Throughout eight episodes, American Gods on the STARZ network has introduced its viewership to a variety of unconventionally realized cultural images. Whether it’s a slave ship churning in The Middle Passage moments before mutiny, a garden party with multiple regional manifestations of Jesus Christ hobnobbing at the buffet, or an Irish criminal-turned-indentured-servant’s intercontinental life story and relations to faerie-folk, a consistent motif in the show has been the wild dispersal and co-mingling of diverse humanity and their fables throughout the world. And with all that being said, most would be challenged to think of a more audacious and beautiful scene in the first season than the tryst between an Omani immigrant and The Jinn in a momentous rainy cab ride in Manhattan.
In episode three, we meet Salim in a familiar setting: wrapped in an ill-fitting suit, pondering the storm clouds, awaiting a sales meeting that will never arrive. He smiles through grit teeth at the day’s failure and wasted time, exits a building in torrential rain, and flags down a cab.
Playing Salim is Omid Abtahi, a Tehrani actor with quite a number of credits to his name, including roles in the Oscar-winning Argo, the Showtime series Sleeper Cell, and even a distinguished turn as a judge for the annual Noor Iranian Film Festival. Interesting, then, that this performance in American Gods may well be one of his most conspicuous appearances, in arguably the most memorable moment in the show.
Upon entering the cab and casually conversing with the driver, Salim notes that they are both familiar with Oman; Salim himself hails from the capital of Muscat, and the driver offhandedly mentions a recent trip to Ubar (the famed and perhaps contentious “Lost City Of The Sands”). This entire scene, the richness of its strange taxi-related intimacy, the connection between two Middle-Eastern men connecting frankly and gratefully, is a rumbling tempest of fraternity and romance that evolves into a sublime sexual encounter.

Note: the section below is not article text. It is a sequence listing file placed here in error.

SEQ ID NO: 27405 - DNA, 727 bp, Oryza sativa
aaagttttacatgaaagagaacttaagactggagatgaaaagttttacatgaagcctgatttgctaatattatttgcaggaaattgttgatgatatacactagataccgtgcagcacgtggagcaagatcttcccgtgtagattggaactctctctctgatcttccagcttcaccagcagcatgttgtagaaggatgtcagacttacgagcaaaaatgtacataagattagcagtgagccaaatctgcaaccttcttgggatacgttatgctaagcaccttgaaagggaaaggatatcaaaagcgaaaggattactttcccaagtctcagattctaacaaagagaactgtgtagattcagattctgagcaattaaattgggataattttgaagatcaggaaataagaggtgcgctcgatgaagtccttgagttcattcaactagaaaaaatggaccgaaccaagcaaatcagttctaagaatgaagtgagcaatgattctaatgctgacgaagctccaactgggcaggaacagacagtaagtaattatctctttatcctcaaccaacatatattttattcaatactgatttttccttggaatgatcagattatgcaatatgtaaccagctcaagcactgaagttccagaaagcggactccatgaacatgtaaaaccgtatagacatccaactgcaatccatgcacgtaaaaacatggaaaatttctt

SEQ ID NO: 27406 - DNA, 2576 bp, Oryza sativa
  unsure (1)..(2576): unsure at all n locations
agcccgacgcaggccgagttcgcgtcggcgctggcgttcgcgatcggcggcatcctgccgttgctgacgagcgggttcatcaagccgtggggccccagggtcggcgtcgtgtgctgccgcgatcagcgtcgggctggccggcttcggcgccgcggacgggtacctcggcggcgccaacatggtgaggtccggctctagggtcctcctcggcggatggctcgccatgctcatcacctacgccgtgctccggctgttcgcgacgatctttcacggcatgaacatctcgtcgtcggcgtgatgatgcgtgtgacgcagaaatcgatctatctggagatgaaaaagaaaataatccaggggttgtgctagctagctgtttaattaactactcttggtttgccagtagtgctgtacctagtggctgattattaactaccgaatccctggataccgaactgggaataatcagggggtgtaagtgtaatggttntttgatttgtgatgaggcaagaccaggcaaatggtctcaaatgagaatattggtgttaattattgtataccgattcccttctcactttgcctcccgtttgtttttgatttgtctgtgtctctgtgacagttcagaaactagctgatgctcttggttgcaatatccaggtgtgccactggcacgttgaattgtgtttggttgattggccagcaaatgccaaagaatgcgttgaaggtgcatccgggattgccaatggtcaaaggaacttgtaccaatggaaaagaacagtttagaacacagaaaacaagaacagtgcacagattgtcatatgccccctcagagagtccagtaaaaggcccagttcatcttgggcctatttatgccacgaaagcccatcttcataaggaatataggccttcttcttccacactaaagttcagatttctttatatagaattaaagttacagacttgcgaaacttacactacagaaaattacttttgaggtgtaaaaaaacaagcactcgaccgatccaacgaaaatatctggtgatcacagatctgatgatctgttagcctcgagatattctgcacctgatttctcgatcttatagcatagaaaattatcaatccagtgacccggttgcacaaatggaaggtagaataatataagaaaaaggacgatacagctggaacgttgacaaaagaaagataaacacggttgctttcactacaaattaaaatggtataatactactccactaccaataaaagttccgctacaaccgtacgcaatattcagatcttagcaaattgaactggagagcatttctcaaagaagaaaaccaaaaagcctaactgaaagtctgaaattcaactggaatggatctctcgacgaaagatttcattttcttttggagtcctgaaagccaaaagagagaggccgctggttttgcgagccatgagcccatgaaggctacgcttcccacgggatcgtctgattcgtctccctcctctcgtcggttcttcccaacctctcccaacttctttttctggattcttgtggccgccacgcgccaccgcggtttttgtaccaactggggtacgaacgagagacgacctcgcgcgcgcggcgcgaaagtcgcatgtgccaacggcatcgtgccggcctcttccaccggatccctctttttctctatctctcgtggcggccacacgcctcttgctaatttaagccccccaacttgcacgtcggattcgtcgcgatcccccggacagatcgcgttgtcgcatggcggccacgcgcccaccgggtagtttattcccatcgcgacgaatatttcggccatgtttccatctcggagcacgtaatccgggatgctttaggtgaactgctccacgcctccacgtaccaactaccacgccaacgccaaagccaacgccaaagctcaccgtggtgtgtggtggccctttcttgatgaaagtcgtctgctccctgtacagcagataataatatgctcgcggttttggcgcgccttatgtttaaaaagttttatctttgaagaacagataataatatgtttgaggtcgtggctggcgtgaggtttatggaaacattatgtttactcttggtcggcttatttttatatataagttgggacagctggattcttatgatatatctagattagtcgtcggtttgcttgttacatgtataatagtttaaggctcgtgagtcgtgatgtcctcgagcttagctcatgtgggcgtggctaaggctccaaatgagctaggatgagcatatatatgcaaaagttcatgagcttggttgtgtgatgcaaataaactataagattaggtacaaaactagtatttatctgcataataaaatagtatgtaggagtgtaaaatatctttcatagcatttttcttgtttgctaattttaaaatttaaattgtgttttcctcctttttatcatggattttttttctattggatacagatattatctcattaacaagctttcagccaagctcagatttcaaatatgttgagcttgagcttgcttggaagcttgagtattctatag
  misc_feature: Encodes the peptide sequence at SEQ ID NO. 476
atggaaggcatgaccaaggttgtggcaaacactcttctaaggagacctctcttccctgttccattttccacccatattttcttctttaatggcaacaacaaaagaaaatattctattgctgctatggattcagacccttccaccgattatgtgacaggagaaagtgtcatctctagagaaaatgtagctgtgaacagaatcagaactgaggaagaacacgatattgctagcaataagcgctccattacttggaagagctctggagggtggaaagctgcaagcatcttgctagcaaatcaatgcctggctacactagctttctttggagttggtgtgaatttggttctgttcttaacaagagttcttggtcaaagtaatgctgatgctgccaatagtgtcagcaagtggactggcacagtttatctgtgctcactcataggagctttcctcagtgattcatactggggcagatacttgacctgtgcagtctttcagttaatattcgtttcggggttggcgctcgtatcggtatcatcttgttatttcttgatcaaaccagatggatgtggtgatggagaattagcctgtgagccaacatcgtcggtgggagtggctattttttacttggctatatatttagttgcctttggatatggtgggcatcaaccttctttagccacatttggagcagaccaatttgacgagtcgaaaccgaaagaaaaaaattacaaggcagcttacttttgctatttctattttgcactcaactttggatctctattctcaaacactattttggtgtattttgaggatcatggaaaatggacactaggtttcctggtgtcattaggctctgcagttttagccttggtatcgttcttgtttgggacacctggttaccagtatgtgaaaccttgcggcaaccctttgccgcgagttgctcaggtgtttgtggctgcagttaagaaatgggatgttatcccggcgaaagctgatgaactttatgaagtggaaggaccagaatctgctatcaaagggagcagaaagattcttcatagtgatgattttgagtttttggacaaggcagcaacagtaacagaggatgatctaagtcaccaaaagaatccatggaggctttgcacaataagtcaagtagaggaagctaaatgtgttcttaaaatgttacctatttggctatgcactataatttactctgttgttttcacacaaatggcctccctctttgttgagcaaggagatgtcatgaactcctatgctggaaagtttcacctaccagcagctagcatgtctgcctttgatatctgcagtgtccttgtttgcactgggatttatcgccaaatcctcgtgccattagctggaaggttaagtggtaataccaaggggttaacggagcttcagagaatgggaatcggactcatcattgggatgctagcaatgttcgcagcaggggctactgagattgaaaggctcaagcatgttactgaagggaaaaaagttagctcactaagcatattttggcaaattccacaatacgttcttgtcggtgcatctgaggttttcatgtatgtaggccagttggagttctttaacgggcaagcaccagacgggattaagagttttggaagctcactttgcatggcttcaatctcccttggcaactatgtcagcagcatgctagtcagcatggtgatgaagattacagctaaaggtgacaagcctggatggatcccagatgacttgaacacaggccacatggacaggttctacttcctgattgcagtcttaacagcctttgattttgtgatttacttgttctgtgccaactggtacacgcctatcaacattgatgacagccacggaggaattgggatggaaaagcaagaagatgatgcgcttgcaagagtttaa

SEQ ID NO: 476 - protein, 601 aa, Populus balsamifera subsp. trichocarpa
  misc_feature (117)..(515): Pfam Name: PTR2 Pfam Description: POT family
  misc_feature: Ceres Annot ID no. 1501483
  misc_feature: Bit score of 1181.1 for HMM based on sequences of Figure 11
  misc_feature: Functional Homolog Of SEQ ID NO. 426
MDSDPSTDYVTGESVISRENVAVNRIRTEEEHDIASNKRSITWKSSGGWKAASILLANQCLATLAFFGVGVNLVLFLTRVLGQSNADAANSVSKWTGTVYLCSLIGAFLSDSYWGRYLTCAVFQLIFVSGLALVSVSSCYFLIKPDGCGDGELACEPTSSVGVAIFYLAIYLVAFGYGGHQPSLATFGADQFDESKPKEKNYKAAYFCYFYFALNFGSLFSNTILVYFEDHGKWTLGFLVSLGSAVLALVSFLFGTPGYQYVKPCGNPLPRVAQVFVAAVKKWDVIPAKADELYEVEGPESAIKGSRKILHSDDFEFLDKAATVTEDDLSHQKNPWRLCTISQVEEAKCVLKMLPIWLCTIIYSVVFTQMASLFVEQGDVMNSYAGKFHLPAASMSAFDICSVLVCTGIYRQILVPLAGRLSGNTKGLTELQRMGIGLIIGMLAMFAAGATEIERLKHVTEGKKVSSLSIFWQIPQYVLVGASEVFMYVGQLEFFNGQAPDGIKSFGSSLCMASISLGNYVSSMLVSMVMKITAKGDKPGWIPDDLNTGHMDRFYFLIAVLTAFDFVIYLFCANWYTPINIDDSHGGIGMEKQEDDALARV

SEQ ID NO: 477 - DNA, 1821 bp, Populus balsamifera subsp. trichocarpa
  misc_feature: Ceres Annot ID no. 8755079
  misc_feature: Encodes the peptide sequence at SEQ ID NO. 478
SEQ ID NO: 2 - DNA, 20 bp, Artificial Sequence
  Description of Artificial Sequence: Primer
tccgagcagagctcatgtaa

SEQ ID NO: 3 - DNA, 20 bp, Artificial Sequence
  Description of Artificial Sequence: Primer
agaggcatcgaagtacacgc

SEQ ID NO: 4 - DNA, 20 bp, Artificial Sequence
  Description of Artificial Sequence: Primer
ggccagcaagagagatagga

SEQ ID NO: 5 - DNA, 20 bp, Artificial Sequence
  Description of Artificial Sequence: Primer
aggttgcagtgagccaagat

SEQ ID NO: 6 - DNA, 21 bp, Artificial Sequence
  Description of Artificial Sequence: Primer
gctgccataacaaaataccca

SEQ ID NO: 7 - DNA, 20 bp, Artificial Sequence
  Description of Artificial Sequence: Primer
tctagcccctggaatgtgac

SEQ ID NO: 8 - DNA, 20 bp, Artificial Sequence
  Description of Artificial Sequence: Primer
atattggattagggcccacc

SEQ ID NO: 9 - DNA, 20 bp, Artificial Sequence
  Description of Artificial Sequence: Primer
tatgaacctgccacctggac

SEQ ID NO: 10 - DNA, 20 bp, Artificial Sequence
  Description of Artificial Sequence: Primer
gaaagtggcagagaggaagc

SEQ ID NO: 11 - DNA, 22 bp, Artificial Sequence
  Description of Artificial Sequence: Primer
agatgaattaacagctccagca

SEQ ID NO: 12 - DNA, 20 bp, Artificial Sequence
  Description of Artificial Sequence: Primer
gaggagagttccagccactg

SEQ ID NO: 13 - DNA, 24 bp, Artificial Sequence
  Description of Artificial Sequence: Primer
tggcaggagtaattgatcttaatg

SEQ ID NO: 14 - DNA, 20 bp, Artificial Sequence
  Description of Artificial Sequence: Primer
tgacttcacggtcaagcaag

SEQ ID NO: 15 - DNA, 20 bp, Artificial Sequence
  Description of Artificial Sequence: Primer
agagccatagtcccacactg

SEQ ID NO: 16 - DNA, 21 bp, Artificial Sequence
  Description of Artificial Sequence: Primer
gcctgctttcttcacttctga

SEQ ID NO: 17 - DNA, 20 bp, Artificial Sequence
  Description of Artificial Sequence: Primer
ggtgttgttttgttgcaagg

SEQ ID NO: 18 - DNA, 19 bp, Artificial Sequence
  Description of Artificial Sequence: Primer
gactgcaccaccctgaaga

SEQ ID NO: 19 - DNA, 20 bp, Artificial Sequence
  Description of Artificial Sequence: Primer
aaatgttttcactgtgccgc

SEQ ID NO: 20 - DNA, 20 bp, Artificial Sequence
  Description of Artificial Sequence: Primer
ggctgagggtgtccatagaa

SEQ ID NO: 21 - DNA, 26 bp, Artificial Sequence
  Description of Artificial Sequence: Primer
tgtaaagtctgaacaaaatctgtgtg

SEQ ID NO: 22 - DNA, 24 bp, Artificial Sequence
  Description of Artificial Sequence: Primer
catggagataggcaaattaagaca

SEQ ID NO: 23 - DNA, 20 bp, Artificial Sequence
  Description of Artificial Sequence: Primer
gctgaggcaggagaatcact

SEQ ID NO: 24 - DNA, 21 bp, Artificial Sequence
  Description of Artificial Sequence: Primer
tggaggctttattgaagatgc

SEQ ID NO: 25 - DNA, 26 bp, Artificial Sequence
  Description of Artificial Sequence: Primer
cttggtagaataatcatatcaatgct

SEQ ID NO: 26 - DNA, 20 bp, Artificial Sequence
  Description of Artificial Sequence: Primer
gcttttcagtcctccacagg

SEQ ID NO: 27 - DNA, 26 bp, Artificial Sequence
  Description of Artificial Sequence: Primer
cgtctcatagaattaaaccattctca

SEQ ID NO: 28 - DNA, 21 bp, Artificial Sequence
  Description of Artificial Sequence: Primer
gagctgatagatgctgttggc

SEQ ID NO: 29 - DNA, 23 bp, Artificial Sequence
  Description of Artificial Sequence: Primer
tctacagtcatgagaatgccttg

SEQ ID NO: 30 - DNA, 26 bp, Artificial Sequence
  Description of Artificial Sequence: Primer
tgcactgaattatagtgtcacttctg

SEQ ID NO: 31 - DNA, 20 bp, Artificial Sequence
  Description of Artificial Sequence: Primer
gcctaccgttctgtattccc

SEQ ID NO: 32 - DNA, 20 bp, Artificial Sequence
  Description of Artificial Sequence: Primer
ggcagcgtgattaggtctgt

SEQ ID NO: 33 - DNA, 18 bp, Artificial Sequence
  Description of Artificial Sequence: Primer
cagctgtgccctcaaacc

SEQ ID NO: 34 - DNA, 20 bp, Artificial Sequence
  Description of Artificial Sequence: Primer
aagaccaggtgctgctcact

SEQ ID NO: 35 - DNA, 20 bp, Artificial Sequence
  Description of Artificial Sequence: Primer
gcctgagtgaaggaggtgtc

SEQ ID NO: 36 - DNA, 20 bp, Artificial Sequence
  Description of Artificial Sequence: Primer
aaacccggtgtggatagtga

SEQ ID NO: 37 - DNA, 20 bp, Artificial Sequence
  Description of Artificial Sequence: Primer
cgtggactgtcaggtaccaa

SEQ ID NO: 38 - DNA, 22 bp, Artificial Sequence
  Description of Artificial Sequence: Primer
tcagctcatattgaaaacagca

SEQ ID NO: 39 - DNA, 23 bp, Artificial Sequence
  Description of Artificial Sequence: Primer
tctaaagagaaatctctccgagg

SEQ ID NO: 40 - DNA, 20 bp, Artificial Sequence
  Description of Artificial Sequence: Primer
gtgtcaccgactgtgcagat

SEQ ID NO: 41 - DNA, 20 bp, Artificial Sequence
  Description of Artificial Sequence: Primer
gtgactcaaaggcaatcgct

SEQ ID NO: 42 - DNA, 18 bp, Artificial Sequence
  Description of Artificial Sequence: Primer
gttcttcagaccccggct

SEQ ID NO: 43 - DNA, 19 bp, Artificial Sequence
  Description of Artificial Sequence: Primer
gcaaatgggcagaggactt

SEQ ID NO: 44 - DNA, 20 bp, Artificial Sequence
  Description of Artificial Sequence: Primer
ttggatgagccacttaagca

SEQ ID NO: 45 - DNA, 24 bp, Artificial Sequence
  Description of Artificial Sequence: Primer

Middle-Eastern men are not an exceedingly common image on the small screen—let alone in a romantic/sexual scene—and writer-producer Bryan Fuller has been trying to present an erotic gay scene on his television projects for quite some time, even hiding such elements demurely in shows like Hannibal. While the two actors here—Abtahi and The Jinn, played by Brooklyn-born Mousa Kraish—do not identify as gay, the scene has been applauded for its beauty and authentically rendered sexuality.
What helps solidify this moment as the year’s most beautiful televised sex scene is its patient development, the complexity of its detail, and its kindness to the characters. In Salim and The Jinn we see two harried immigrants, approaching their grimly unromantic labors with a struggling facade. The moment when the two meet is total happenstance, which may be why Salim feels compelled to extend a very careful and slow hand to The Jinn’s shoulder, rousing him as he mistakenly dozes from a 30-hour taxi shift. They are tired, and rained-on, and stressed, but Salim’s modest-yet-brave flirts are rewarded.
Even the sex scene itself is remarkable, especially for choosing missionary as the prominent position; gay male sex scenes are rare enough on television, let alone ones depicting this particular vantage. As it progresses, the two are transported to a nighttime Ubar, becoming what appear to be animated statues with coursing bolts of flame. It’s immense and ostentatious (as is much of American Gods), but also emotionally astute, spiritual, and explicit.
While the country of Iran has a ruthless relationship with homosexuality—a detail pointedly noted in the most recent Amnesty Annual Report—the United States perpetuates their own pattern of discrimination towards the LGBTQ community, making it incredibly important for Middle-Eastern actors to present characters at this intersection to American viewers. Omid Abtahi’s character Salim does appear later on in American Gods as well, so there is some hope that there will be further points of his arc in the series.
American Gods has been renewed for a second season, and can be found on STARZ.